Conventional wisdom dictates that everyone should save as much as they can, as early as they can, for as long as they can in order to live a dignified life in retirement.
Despite a downturn in May, the second quarter as a whole was a positive one for investment markets: global equities generally rose, credit spreads remained tight and implied equity volatility (as measured by the CBOE Volatility Index) was well below average. Interest rates remained extremely low both in the United States and abroad—particularly in Europe, where some $13 trillion of bonds are trading at negative yields.1 In addition to equities and bonds, currencies also experienced unusually subdued levels of volatility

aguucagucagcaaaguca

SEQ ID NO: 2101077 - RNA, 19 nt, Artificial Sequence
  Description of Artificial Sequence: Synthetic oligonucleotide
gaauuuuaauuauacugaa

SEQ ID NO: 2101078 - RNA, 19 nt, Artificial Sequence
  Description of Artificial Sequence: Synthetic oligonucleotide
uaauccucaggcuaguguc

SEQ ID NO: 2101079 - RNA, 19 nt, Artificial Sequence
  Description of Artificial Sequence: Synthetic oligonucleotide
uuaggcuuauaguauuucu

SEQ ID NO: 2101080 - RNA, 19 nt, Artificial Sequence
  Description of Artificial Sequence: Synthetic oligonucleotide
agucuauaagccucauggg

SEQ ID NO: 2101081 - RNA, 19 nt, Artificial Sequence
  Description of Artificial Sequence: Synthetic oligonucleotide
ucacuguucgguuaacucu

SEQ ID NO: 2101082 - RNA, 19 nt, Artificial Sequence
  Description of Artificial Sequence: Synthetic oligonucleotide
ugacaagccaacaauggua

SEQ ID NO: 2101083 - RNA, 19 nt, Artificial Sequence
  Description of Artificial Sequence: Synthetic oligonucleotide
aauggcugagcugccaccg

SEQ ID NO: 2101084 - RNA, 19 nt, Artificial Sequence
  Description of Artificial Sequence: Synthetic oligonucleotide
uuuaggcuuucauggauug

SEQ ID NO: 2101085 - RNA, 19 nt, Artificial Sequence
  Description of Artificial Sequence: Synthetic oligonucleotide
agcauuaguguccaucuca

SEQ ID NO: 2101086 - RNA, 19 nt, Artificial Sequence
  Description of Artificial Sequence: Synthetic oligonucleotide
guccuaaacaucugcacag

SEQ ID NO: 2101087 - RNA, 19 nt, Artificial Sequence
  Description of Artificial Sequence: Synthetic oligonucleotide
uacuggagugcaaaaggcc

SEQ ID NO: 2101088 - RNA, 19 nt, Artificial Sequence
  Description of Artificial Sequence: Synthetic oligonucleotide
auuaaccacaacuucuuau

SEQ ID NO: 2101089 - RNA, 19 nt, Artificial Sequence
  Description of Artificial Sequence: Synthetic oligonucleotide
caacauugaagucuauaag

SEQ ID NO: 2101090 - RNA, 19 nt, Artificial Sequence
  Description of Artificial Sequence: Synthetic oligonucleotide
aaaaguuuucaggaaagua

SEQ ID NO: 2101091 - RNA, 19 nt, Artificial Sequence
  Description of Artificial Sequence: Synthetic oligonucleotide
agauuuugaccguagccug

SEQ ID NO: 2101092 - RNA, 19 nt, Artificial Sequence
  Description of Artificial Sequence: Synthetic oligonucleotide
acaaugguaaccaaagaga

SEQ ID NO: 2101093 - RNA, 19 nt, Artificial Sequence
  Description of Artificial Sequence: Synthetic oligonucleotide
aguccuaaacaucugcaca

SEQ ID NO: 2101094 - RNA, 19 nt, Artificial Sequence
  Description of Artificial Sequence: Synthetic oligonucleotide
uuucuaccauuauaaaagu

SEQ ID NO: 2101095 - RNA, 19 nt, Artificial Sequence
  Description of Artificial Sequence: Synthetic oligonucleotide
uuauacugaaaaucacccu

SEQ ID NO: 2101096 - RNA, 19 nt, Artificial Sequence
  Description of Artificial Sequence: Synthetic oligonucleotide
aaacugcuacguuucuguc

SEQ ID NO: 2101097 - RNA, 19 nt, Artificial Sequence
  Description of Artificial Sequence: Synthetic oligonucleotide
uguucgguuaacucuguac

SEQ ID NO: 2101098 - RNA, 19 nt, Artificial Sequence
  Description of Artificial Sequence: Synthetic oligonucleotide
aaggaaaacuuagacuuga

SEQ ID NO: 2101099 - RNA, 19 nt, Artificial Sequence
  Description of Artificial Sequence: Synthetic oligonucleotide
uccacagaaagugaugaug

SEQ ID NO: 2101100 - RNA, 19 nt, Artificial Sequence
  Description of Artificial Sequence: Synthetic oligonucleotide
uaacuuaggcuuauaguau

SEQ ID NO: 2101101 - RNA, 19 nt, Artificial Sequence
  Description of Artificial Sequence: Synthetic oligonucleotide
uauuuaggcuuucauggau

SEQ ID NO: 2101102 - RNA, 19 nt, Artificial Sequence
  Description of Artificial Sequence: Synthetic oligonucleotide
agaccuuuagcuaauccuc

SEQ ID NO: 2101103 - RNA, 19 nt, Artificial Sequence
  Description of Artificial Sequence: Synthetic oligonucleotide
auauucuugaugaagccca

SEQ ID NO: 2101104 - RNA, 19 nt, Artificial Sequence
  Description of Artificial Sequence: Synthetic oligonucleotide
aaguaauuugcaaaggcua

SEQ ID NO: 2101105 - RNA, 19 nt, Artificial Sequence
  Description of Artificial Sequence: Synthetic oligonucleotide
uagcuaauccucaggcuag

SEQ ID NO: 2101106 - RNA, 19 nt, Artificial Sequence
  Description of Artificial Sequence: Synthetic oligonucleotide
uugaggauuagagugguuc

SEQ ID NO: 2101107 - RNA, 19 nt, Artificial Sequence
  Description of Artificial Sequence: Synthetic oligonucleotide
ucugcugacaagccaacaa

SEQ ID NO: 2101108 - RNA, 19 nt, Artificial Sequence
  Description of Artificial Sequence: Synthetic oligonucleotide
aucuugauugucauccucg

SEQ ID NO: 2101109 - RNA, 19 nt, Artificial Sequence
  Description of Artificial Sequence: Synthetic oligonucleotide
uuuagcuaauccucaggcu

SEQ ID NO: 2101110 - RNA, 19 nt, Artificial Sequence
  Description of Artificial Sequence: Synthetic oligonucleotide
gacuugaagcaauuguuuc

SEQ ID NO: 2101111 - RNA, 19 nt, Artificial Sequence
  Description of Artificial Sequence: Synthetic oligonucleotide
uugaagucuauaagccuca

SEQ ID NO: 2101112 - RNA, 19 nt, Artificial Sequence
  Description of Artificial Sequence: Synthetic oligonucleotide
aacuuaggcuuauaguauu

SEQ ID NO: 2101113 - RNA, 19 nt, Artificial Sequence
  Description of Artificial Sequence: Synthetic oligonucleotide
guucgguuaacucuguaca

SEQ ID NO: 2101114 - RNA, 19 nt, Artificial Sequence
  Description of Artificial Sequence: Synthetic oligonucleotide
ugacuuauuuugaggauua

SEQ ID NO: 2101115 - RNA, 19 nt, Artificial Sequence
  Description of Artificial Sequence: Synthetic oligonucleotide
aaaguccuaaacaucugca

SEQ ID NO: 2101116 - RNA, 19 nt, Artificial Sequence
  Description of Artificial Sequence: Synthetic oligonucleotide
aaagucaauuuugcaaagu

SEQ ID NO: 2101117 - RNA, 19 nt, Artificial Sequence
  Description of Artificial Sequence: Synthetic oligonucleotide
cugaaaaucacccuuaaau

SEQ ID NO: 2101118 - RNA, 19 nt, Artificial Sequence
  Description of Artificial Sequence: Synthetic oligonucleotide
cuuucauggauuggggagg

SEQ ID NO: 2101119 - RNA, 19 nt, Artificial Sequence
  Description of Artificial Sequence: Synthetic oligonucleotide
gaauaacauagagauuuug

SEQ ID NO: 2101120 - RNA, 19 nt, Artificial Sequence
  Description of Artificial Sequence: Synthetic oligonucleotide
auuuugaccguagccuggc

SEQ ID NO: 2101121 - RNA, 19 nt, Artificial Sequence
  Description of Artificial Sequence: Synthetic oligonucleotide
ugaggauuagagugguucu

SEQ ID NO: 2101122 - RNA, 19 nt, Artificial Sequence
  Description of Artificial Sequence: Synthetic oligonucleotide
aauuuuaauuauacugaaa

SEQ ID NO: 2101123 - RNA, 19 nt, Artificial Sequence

We cannot predict what will happen next in economies or markets, but 2018 had the feel of a transitional year. Volatility, which in our view, had been muted for an unexpectedly long period of time, returned in force during the year—first in February and then again in the fourth quarter.
First Eagle’s Global Value team has adopted the value investment philosophy first developed by Benjamin Graham and later refined by Warren Buffett.
Over the last several years, the retirement landscape has markedly changed. Americans are living longer and need to plan accordingly. At the same time, with defined contribution plans replacing defined benefit plans both at corporations and, more recently, at public entities, individuals also need to shoulder greater responsibility for their own retirement saving.